Mahathir government still mulling Malaysia Airlines proposals

January 21, 2020
Malaysia airlines foreign interest

The Malaysian government says it is still considering investment proposals for financially-embattled Malaysia Airlines almost 11 months after a call for urgent action on the issue.

Prime Minister Mahathir Mohamad warned in March last year that the government needed to move urgently to decide the future of Malaysia Airlines and even raised the prospect of closing the carrier.

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But the process is still grinding on and Mahathir told reporters in a widely reported recent briefing in Langkawi that the government had received five proposals for the airline.

“There are about five proposals but of course some of them are just no go,” Mahathir said. “We need to listen to everybody to find out what is the best solution.”

Economics Affairs Minister Mohamed Azmin Ali subsequently told business publication The Edge Markets that several international companies had expressed interest in helping the carrier.

He said the intention was not to sell the national carrier but to find a strategic partner to improve its position.

“I don’t want to give a timeline but the prime minister had received a visit from an international company and I was asked to follow up on the discussion as soon as possible,” he said.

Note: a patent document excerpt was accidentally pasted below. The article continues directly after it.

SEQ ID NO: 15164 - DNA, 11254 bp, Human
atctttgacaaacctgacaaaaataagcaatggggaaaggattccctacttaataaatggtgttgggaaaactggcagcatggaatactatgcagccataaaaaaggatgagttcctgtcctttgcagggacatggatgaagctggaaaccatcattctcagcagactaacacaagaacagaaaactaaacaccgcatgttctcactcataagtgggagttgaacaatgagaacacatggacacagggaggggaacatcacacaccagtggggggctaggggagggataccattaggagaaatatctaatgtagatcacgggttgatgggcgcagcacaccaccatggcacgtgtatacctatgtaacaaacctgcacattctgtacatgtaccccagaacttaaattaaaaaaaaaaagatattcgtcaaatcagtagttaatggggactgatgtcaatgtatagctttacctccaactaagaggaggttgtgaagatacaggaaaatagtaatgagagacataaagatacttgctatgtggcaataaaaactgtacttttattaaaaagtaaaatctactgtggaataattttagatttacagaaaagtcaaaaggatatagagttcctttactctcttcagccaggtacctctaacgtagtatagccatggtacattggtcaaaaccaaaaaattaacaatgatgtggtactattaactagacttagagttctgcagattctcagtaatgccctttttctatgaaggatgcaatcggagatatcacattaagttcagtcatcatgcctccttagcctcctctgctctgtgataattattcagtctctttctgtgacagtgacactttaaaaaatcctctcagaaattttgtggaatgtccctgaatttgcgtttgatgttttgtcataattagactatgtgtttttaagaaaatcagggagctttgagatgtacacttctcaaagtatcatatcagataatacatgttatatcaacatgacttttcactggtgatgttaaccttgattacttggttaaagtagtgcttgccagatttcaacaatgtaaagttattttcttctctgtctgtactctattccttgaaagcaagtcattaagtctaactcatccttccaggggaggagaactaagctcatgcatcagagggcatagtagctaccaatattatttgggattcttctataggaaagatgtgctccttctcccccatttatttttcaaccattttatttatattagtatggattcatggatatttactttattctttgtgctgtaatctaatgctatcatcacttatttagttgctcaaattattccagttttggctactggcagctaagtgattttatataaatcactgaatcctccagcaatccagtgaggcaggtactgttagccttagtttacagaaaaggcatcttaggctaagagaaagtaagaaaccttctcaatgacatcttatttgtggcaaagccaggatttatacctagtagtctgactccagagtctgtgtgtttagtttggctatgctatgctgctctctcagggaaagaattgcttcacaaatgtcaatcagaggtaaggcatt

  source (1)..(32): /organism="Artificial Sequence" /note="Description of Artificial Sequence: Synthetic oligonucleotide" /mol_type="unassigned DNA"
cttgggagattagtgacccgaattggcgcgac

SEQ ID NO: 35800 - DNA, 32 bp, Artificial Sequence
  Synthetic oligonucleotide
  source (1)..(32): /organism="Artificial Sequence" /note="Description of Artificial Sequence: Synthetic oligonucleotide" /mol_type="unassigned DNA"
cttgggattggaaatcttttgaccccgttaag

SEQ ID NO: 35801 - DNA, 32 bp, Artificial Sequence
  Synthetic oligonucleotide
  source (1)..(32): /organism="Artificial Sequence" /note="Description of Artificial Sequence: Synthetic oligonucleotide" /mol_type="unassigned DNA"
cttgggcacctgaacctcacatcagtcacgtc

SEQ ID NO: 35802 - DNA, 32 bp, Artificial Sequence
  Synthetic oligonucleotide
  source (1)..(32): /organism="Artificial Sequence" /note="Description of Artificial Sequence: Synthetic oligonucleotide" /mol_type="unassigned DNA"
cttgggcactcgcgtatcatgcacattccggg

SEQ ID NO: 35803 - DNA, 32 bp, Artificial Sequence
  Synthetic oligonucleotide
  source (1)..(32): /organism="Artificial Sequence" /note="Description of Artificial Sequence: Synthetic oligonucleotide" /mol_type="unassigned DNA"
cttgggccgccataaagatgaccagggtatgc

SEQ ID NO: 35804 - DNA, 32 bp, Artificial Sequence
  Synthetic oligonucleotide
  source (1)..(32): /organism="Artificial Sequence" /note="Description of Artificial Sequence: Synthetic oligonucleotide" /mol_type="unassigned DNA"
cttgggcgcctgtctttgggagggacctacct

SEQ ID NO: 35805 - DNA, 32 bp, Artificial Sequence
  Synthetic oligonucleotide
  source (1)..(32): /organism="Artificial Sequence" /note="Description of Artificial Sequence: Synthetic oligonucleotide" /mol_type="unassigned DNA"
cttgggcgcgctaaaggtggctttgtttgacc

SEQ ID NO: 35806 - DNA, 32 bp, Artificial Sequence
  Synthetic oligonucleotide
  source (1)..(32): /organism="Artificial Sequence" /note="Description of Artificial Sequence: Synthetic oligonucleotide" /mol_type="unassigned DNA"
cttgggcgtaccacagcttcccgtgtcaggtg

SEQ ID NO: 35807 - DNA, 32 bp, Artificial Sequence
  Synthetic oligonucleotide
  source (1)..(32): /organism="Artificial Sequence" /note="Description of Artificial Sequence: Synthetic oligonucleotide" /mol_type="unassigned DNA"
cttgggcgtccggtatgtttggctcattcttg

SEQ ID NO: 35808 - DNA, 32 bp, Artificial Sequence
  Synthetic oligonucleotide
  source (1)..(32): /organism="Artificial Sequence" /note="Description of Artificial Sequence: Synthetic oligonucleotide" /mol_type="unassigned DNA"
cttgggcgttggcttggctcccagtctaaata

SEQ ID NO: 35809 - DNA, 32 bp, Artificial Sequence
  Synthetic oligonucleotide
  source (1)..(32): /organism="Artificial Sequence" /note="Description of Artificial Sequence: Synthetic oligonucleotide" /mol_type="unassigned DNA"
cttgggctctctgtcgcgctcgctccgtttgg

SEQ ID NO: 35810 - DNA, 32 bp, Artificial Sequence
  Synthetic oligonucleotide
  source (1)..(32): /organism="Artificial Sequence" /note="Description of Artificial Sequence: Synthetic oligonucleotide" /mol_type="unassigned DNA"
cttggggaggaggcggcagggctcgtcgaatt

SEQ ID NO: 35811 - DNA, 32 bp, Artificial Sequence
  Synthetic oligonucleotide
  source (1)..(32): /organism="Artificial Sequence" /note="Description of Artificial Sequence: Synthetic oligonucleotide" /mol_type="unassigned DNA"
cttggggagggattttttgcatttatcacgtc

Another Malaysian website, FocusM, reported it had seen an official document with shortlisted proposals from AirAsia Group, Japan Airlines, Air France-KLM and Malindo Airways, which is part-owned by Indonesia’s Lion Air Group.

The news prompted a call by the National Union of Flight Attendants for greater transparency over the plans for MAB.

It also expressed concern about a possible merger between AirAsia and Malaysia Airlines.

“Each time we ask about the progress of Malaysia Airlines Berhad, all seems too silent but deals are already happening behind quietly. Why so secret?” the union said.

“There is a need to be honest about these plans since MAB is of national interest.”

The Malaysian airline group was privatized in 2014 after two fatal crashes: the still-unsolved loss of MH370 and the downing of MH17 by a missile attack.

The tragedies came after a string of losses by the then Malaysia Air System Bhd and the company was de-listed after majority investor and state-run company Khazanah Nasional paid 1.4 billion ringgit to take over the shares it did not own.

A recovery plan included cutting about 6000 jobs and the transfer of the airline in 2015 to a new company, Malaysia Airlines Berhad. It was supposed to be profitable by 2019.